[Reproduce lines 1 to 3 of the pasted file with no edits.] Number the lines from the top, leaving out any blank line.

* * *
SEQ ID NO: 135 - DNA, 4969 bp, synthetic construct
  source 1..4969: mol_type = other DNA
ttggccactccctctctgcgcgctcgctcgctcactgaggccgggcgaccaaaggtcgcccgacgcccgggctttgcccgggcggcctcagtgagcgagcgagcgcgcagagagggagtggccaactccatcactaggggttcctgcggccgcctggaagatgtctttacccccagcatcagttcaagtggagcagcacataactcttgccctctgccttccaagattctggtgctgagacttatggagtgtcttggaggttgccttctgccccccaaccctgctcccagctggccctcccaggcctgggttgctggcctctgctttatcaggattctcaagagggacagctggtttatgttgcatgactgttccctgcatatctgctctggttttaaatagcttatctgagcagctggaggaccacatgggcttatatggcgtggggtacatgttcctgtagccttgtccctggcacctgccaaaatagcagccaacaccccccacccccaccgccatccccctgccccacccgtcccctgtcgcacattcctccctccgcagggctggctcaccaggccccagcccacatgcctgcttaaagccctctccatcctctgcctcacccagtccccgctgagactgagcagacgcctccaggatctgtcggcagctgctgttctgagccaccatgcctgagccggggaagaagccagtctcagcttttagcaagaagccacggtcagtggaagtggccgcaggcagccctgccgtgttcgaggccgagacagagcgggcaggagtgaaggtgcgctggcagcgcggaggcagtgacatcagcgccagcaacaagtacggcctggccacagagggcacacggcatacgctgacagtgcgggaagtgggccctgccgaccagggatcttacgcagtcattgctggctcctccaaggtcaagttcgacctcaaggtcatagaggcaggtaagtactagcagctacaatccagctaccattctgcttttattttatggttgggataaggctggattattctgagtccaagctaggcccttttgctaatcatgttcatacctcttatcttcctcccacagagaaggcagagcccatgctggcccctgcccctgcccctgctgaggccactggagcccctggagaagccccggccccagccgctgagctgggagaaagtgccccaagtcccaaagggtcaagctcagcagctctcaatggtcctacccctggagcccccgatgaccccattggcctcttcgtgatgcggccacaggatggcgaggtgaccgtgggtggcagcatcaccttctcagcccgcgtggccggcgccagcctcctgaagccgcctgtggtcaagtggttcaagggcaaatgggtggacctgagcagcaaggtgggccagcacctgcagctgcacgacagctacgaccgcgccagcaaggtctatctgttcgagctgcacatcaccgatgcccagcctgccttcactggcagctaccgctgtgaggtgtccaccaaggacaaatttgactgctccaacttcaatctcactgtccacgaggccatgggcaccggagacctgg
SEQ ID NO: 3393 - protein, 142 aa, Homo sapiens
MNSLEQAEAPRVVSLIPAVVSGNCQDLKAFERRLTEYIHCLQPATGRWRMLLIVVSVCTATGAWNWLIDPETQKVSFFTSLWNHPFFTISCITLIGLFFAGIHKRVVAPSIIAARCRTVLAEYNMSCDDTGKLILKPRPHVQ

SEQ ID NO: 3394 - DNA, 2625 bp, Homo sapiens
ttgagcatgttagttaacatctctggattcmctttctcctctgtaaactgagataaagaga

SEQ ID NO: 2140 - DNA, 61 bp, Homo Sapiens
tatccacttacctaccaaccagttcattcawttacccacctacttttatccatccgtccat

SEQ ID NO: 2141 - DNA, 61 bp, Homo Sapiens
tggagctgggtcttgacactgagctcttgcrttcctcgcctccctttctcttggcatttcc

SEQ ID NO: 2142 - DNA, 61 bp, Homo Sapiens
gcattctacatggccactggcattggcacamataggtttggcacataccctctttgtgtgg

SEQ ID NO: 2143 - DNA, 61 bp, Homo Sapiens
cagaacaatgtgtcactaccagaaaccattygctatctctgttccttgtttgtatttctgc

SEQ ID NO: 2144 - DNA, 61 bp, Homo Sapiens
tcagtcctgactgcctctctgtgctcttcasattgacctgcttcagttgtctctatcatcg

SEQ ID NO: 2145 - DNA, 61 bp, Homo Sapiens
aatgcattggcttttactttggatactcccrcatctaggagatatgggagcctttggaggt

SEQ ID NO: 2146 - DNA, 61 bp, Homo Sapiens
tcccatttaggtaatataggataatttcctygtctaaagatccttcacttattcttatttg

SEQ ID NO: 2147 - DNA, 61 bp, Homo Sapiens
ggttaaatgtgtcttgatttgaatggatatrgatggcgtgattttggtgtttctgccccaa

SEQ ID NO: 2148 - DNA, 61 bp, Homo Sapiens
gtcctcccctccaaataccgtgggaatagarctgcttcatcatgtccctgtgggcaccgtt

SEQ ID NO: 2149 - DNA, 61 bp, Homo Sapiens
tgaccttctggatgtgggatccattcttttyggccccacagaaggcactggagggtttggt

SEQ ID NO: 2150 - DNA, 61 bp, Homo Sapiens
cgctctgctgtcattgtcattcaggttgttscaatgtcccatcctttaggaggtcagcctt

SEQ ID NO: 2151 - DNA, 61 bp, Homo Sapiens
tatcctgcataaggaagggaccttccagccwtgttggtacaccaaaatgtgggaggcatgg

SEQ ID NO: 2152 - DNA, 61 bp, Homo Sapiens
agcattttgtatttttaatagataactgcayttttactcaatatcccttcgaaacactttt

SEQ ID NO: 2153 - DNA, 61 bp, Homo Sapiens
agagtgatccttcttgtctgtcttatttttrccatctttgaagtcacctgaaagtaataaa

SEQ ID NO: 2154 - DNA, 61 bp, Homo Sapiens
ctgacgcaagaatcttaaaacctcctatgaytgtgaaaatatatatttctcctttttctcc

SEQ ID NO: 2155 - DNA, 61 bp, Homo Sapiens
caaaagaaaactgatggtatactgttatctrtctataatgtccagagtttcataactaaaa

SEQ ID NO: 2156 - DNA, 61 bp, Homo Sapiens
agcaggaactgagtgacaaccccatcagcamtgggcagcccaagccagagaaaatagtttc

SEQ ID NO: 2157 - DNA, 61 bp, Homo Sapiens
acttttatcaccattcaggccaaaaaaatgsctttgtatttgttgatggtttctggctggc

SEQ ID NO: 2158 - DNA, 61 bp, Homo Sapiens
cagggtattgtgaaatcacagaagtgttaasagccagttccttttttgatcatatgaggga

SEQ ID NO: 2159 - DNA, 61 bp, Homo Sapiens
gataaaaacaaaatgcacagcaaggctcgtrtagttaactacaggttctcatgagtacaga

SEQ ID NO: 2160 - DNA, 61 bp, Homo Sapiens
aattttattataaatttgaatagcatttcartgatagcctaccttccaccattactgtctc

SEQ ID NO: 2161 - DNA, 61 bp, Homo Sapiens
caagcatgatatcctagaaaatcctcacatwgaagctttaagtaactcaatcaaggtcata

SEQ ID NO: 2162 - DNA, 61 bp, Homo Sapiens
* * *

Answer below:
SEQ ID NO: 135 - DNA, 4969 bp, synthetic construct
  source 1..4969: mol_type = other DNA
ttggccactccctctctgcgcgctcgctcgctcactgaggccgggcgaccaaaggtcgcccgacgcccgggctttgcccgggcggcctcagtgagcgagcgagcgcgcagagagggagtggccaactccatcactaggggttcctgcggccgcctggaagatgtctttacccccagcatcagttcaagtggagcagcacataactcttgccctctgccttccaagattctggtgctgagacttatggagtgtcttggaggttgccttctgccccccaaccctgctcccagctggccctcccaggcctgggttgctggcctctgctttatcaggattctcaagagggacagctggtttatgttgcatgactgttccctgcatatctgctctggttttaaatagcttatctgagcagctggaggaccacatgggcttatatggcgtggggtacatgttcctgtagccttgtccctggcacctgccaaaatagcagccaacaccccccacccccaccgccatccccctgccccacccgtcccctgtcgcacattcctccctccgcagggctggctcaccaggccccagcccacatgcctgcttaaagccctctccatcctctgcctcacccagtccccgctgagactgagcagacgcctccaggatctgtcggcagctgctgttctgagccaccatgcctgagccggggaagaagccagtctcagcttttagcaagaagccacggtcagtggaagtggccgcaggcagccctgccgtgttcgaggccgagacagagcgggcaggagtgaaggtgcgctggcagcgcggaggcagtgacatcagcgccagcaacaagtacggcctggccacagagggcacacggcatacgctgacagtgcgggaagtgggccctgccgaccagggatcttacgcagtcattgctggctcctccaaggtcaagttcgacctcaaggtcatagaggcaggtaagtactagcagctacaatccagctaccattctgcttttattttatggttgggataaggctggattattctgagtccaagctaggcccttttgctaatcatgttcatacctcttatcttcctcccacagagaaggcagagcccatgctggcccctgcccctgcccctgctgaggccactggagcccctggagaagccccggccccagccgctgagctgggagaaagtgccccaagtcccaaagggtcaagctcagcagctctcaatggtcctacccctggagcccccgatgaccccattggcctcttcgtgatgcggccacaggatggcgaggtgaccgtgggtggcagcatcaccttctcagcccgcgtggccggcgccagcctcctgaagccgcctgtggtcaagtggttcaagggcaaatgggtggacctgagcagcaaggtgggccagcacctgcagctgcacgacagctacgaccgcgccagcaaggtctatctgttcgagctgcacatcaccgatgcccagcctgccttcactggcagctaccgctgtgaggtgtccaccaaggacaaatttgactgctccaacttcaatctcactgtccacgaggccatgggcaccggagacctgg